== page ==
Rath tribe

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Rath
Total population
28,000
Regions with significant populations
 India Pakistan
Languages
UrduHindiMarwari
Religion
Allah-green.svg Islam 100% •
Related ethnic groups
Sindhi-SipahiQaimkhani

The Rath (Rajasthani: रथ (Devanagari) رتھ (Perso-Arabic)) are a Muslim Rajput community, found in the state of Rajasthan in India.[1] They also settled in Punjab and Sindh provinces Pakistan. They are also known as Rathi, although their preferred self-designation is Rajput.

History and origin[edit]

The Rath are said to get their name from the Rathi breed of cattle, which they used to and still herd. They are divided into three major sub-groups, the Parihar or sometimes referred to as Parhar Rath, the Johiya and the Bohar, and a number of minor lineages, such as the Chanar, Larr, Chhachhar and Chandani. According to the traditions of the Parhar Rath, they were originally Parihar Rajputs of Mandore, who were defeated by the Rathores, and fled to Sindh. During their period of exile, the Parhar were converted to Islam. The community than moved to the desert regions of Bikaner State, and spread over time to the Cholistan desert region. While the Bohar and Johiya Rath both claim descent from the Bhatti Rajputs, and have different traditions as to their conversion to Islam. As a community, they have a strong self-identification as being a Rajput community. They are culturally close to tribesmen of the Cholistan region of Punjab, Pakistan, who are also largely Rath.[2]


Historically, the Rath were a community of pastoral nomads, breeding mainly cows and sheep, as well as cultivating dry crops, and migrating three to nine months of the year. Till about the 1950s, no recognized rights to the land existed. This was in marked contrast to the related Pachhada community, who were found in Hissar and Mahendargarh districts of Haryana, who was forced to settle down by the British authorities in the late 19th Century. With the construction of the Indira Gandhi Canal, land was divided up, and a large number granted to settlers. This led to a drastic reduction in the grazing area, and process that has led to the abandoning of the nomadic lifestyle. The community are now only partially nomadic, with some members taking the cattle and sheep to their grazing areas, while the majority remaining in the village.[3]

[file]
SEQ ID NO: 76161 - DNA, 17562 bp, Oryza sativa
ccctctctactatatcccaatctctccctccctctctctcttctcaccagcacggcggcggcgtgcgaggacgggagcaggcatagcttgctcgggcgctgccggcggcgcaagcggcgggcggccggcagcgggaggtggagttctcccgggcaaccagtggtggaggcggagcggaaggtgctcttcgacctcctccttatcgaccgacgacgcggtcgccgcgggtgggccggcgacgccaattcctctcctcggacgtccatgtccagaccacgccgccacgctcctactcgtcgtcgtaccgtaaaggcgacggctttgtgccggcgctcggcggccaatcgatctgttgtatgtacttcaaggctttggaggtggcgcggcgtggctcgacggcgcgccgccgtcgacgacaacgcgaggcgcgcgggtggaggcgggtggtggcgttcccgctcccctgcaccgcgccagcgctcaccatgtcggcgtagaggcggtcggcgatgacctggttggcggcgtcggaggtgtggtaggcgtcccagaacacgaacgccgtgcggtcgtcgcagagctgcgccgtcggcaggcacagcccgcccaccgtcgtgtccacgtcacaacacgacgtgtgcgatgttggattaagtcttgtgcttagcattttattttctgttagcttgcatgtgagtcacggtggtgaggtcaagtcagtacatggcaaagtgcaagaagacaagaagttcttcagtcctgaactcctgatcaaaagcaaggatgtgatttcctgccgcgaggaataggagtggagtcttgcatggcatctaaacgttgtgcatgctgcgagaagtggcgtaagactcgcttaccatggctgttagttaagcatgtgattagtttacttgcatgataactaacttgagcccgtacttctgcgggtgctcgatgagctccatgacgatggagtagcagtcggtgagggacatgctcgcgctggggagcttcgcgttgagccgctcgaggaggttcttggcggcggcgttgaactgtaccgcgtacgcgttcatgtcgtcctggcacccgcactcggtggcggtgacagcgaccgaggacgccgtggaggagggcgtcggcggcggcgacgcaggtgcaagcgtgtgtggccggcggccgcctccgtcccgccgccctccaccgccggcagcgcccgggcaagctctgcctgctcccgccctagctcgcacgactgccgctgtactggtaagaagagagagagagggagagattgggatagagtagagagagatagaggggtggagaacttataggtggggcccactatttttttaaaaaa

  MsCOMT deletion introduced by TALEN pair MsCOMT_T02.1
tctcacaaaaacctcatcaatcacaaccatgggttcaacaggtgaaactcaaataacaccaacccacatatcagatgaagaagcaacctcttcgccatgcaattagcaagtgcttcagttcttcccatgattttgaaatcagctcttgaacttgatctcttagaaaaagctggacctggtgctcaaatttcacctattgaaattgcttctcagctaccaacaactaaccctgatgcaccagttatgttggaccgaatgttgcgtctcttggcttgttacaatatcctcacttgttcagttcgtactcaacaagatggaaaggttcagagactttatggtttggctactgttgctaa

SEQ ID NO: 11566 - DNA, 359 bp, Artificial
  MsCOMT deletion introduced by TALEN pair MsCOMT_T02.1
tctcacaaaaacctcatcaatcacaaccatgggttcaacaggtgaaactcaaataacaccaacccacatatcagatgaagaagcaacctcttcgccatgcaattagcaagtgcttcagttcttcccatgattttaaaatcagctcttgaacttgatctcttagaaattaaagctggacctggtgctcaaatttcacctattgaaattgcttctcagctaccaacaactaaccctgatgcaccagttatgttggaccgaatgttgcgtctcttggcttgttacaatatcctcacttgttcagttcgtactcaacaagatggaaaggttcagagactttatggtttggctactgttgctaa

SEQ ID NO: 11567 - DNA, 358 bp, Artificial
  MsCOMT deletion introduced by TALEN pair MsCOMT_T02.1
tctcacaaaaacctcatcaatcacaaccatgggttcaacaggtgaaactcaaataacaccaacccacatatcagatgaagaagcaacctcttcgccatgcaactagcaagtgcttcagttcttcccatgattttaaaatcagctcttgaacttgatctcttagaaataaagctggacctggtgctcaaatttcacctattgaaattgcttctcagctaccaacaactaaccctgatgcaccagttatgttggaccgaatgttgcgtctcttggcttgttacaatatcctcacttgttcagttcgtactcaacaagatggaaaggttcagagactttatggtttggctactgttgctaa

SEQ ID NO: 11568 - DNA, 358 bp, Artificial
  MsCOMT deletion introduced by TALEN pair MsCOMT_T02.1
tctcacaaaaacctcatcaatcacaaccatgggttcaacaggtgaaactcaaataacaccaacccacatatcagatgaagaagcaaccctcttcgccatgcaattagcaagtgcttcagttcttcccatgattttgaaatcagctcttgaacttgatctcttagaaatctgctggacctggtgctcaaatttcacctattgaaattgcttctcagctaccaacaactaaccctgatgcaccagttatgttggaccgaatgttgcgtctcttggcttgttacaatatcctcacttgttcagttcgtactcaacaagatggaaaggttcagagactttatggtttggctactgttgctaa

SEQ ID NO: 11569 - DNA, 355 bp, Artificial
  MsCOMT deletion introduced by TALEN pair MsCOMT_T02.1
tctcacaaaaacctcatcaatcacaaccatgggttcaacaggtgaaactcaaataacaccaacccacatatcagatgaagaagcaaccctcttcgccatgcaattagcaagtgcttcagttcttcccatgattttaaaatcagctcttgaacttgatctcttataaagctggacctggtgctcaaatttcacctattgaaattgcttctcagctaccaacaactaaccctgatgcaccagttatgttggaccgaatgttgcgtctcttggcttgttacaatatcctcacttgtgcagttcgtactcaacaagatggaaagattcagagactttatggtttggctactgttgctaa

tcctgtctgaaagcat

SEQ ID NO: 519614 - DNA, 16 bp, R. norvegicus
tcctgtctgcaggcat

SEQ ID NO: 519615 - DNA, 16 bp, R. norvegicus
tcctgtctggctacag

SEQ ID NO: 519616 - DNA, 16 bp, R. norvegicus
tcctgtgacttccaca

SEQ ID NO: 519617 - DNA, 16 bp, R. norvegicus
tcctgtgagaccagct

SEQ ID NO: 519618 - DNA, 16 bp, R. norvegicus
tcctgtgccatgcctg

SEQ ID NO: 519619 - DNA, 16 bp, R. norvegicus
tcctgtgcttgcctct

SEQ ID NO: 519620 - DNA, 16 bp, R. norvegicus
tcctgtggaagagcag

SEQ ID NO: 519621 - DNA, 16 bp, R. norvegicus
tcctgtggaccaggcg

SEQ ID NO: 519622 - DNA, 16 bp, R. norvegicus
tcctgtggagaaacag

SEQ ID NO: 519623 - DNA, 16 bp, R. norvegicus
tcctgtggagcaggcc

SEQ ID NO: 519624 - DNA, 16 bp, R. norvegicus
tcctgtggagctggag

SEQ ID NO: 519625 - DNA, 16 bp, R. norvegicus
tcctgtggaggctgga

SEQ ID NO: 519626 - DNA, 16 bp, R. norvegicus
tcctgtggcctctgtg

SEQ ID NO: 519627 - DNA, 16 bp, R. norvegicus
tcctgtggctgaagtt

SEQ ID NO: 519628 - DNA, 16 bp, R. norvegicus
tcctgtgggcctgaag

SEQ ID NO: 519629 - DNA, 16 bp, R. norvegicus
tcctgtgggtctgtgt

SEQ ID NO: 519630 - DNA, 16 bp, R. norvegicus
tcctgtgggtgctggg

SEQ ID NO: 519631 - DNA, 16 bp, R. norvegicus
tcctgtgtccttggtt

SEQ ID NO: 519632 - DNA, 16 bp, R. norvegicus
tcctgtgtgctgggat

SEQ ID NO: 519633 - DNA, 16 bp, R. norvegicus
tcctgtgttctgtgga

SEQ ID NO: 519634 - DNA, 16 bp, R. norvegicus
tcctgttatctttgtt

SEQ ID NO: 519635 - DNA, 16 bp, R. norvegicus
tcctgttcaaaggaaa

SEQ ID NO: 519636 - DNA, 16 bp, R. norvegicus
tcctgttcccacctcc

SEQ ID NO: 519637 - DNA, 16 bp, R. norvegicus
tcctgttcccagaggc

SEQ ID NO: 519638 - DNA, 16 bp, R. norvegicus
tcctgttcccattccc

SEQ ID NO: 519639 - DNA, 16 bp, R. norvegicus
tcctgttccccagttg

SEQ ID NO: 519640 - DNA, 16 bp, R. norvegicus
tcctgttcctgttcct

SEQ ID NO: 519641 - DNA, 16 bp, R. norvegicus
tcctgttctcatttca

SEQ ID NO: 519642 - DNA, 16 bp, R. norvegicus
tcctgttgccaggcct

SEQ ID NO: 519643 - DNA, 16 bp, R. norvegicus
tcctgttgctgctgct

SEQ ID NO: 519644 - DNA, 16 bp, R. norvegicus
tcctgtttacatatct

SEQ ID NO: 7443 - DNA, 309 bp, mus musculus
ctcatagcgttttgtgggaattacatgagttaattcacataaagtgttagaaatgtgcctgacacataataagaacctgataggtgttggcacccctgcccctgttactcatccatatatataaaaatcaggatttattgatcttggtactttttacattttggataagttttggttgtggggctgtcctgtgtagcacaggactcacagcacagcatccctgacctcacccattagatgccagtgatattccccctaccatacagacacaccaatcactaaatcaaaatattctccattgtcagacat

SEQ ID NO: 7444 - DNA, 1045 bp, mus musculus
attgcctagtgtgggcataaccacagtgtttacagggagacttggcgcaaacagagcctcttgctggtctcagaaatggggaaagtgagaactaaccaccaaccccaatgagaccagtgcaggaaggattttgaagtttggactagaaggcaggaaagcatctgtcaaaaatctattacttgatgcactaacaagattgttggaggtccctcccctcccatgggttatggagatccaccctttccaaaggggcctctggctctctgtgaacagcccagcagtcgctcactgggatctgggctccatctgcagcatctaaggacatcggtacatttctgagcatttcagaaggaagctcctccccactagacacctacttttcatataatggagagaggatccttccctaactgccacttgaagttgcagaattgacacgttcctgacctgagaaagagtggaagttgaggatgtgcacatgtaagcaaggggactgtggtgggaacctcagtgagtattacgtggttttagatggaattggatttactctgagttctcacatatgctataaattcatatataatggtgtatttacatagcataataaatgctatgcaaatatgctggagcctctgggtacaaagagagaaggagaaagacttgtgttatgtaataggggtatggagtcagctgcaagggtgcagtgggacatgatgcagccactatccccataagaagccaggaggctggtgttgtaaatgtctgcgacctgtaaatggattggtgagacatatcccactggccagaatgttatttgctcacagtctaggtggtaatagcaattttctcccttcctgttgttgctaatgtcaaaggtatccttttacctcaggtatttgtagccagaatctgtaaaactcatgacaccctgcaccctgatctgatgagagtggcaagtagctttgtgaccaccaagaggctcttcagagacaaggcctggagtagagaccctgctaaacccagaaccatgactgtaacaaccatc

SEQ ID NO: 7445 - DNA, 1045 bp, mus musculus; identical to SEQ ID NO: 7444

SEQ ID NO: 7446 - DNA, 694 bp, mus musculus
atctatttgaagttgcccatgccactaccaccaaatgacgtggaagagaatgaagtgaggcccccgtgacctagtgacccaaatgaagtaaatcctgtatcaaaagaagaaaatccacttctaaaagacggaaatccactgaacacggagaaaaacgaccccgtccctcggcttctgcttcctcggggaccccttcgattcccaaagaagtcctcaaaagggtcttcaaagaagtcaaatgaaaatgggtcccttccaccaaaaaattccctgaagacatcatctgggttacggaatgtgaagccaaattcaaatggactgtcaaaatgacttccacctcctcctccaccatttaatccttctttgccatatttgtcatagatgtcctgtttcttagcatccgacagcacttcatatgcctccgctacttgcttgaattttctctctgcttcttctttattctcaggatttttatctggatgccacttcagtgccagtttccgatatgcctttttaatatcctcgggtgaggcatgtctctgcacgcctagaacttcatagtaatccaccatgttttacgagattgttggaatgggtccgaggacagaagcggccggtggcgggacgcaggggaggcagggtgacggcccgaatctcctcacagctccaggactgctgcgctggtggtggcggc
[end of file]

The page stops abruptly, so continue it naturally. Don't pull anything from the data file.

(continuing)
The Rath speak Seraiki among themselves, and Marwari with others. They are also closely related to the Pachhadas, a community once found in Hissar and Mahendragarh districts of Haryana, but now found in Punjab in Pakistan.[4]

Present circumstances[edit]

The Parhar Rath community is further divided into a number of clans, known as gotras. Their main clans include the Parihar, Kotowar, Daiya, Seikh, Lad and Koria. The various gotras observe a set pattern with regards to marriage. For example, the Parihar and Kotowar receive girls from the Koria, while the Daiya and Parihar give girls to the Kotowar and Seikh. Other Rathi communities include the Bohar and Johiya tribal groupings, found mainly in the Bikaner, Ganganagar and the neighbouring region of Cholistan of Pakistan. Marriages tend to take place within the three sub-divisions, but marriages are forbidden within the gotra.[5]

The Rath are found mainly in Barmer, Bikaner, Ganganagar and Jaisalmer districts. They are still essentially a community of pastoralists. Agriculture is the other main pursuit of this community. For six months of the year, from May to October, they cultivate their fields, and for the other six months, they herd their cattle. Their villages are found in the Thar Desert region, and most of their villages are without electricity.[6] Like other North India communities, they have a council of elders which settles intra-community disputes, and punishes the guilty. Each lineage has an informal caste council, known as a biradari panchayat. This acts as an instrument of social control, by punishes those who breach community norms, such as marriage out with the community, or marriage within the gotra. The Rath are Sunni Muslims, but incorporate many folk beliefs.

See also[edit]

References[edit]

  1. ^ People of India Rajasthan Volume XXXVIII Part Two edited by B.K Lavania, D. K Samanta, S K Mandal & N.N Vyas pages 808 to 811 Popular Prakashan
  2. ^ People of India Rajasthan Volume XXXVIII Part Two edited by B.K Lavania, D. K Samanta, S K Mandal & N.N Vyas pages 808 to 811 Popular Prakashan
  3. ^ Resisting Change? Adaptations by Traditional Pastoralists to the Rajasthan Canal Project by Saurabh Sinha International Institute for Environment and Development, Dryland Development Project page 21
  4. ^ People of India Rajasthan Volume XXXVIII Part Two edited by B.K Lavania, D. K Samanta, S K Mandal & N.N Vyas pages 808 to 811 Popular Prakashan
  5. ^ People of India Rajasthan Volume XXXVIII Part Two edited by B.K Lavania, D. K Samanta, S K Mandal & N.N Vyas pages 808 to 811 Popular Prakashan
  6. ^ People of India Rajasthan Volume XXXVIII Part Two edited by B.K Lavania, D. K Samanta, S K Mandal & N.N Vyas pages 808 to 811 Popular Prakashan